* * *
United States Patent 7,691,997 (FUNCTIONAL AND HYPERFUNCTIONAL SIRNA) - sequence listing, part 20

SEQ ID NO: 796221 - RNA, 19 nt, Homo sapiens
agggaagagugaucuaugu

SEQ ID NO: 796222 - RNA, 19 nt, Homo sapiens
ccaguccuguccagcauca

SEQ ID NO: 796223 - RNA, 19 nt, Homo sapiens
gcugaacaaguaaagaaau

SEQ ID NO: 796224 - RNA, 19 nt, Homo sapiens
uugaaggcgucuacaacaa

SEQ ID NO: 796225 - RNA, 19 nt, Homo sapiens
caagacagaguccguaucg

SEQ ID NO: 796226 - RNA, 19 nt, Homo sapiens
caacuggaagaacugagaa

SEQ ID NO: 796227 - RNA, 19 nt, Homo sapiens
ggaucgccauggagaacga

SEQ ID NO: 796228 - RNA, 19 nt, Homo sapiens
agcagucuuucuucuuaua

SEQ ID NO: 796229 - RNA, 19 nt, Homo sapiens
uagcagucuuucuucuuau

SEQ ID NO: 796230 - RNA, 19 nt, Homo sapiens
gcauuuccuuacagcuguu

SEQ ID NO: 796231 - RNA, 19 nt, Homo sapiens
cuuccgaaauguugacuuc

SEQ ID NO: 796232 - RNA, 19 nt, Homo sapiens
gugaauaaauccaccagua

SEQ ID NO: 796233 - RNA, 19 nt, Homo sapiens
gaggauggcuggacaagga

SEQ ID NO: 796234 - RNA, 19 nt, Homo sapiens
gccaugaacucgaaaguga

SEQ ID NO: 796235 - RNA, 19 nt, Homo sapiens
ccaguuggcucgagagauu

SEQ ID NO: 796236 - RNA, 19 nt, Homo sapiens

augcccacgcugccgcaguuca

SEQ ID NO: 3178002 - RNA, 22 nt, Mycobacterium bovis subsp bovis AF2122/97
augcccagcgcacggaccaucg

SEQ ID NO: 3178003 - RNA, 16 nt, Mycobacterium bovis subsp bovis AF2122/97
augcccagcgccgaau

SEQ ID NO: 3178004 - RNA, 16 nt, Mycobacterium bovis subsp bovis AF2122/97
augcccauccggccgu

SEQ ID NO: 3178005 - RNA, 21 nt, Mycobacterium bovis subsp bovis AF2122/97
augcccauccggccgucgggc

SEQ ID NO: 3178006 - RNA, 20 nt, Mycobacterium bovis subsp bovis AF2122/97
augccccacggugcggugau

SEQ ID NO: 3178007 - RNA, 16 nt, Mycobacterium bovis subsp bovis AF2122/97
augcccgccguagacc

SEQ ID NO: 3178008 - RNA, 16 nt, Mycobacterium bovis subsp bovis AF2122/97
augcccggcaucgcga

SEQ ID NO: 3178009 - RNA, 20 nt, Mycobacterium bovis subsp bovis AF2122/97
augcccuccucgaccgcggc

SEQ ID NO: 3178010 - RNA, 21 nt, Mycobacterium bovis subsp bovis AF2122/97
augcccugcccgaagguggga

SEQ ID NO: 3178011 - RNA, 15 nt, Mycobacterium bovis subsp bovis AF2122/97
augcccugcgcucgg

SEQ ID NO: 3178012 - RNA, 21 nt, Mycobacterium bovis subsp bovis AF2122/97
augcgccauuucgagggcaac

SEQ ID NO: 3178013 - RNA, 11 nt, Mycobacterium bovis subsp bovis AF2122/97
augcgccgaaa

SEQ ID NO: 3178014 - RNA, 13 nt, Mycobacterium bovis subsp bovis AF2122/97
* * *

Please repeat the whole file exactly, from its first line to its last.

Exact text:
United States Patent 7,691,997 (FUNCTIONAL AND HYPERFUNCTIONAL SIRNA) - sequence listing, part 20

SEQ ID NO: 796221 - RNA, 19 nt, Homo sapiens
agggaagagugaucuaugu

SEQ ID NO: 796222 - RNA, 19 nt, Homo sapiens
ccaguccuguccagcauca

SEQ ID NO: 796223 - RNA, 19 nt, Homo sapiens
gcugaacaaguaaagaaau

SEQ ID NO: 796224 - RNA, 19 nt, Homo sapiens
uugaaggcgucuacaacaa

SEQ ID NO: 796225 - RNA, 19 nt, Homo sapiens
caagacagaguccguaucg

SEQ ID NO: 796226 - RNA, 19 nt, Homo sapiens
caacuggaagaacugagaa

SEQ ID NO: 796227 - RNA, 19 nt, Homo sapiens
ggaucgccauggagaacga

SEQ ID NO: 796228 - RNA, 19 nt, Homo sapiens
agcagucuuucuucuuaua

SEQ ID NO: 796229 - RNA, 19 nt, Homo sapiens
uagcagucuuucuucuuau

SEQ ID NO: 796230 - RNA, 19 nt, Homo sapiens
gcauuuccuuacagcuguu

SEQ ID NO: 796231 - RNA, 19 nt, Homo sapiens
cuuccgaaauguugacuuc

SEQ ID NO: 796232 - RNA, 19 nt, Homo sapiens
gugaauaaauccaccagua

SEQ ID NO: 796233 - RNA, 19 nt, Homo sapiens
gaggauggcuggacaagga

SEQ ID NO: 796234 - RNA, 19 nt, Homo sapiens
gccaugaacucgaaaguga

SEQ ID NO: 796235 - RNA, 19 nt, Homo sapiens
ccaguuggcucgagagauu

SEQ ID NO: 796236 - RNA, 19 nt, Homo sapiens

augcccacgcugccgcaguuca

SEQ ID NO: 3178002 - RNA, 22 nt, Mycobacterium bovis subsp bovis AF2122/97
augcccagcgcacggaccaucg

SEQ ID NO: 3178003 - RNA, 16 nt, Mycobacterium bovis subsp bovis AF2122/97
augcccagcgccgaau

SEQ ID NO: 3178004 - RNA, 16 nt, Mycobacterium bovis subsp bovis AF2122/97
augcccauccggccgu

SEQ ID NO: 3178005 - RNA, 21 nt, Mycobacterium bovis subsp bovis AF2122/97
augcccauccggccgucgggc

SEQ ID NO: 3178006 - RNA, 20 nt, Mycobacterium bovis subsp bovis AF2122/97
augccccacggugcggugau

SEQ ID NO: 3178007 - RNA, 16 nt, Mycobacterium bovis subsp bovis AF2122/97
augcccgccguagacc

SEQ ID NO: 3178008 - RNA, 16 nt, Mycobacterium bovis subsp bovis AF2122/97
augcccggcaucgcga

SEQ ID NO: 3178009 - RNA, 20 nt, Mycobacterium bovis subsp bovis AF2122/97
augcccuccucgaccgcggc

SEQ ID NO: 3178010 - RNA, 21 nt, Mycobacterium bovis subsp bovis AF2122/97
augcccugcccgaagguggga

SEQ ID NO: 3178011 - RNA, 15 nt, Mycobacterium bovis subsp bovis AF2122/97
augcccugcgcucgg

SEQ ID NO: 3178012 - RNA, 21 nt, Mycobacterium bovis subsp bovis AF2122/97
augcgccauuucgagggcaac

SEQ ID NO: 3178013 - RNA, 11 nt, Mycobacterium bovis subsp bovis AF2122/97
augcgccgaaa

SEQ ID NO: 3178014 - RNA, 13 nt, Mycobacterium bovis subsp bovis AF2122/97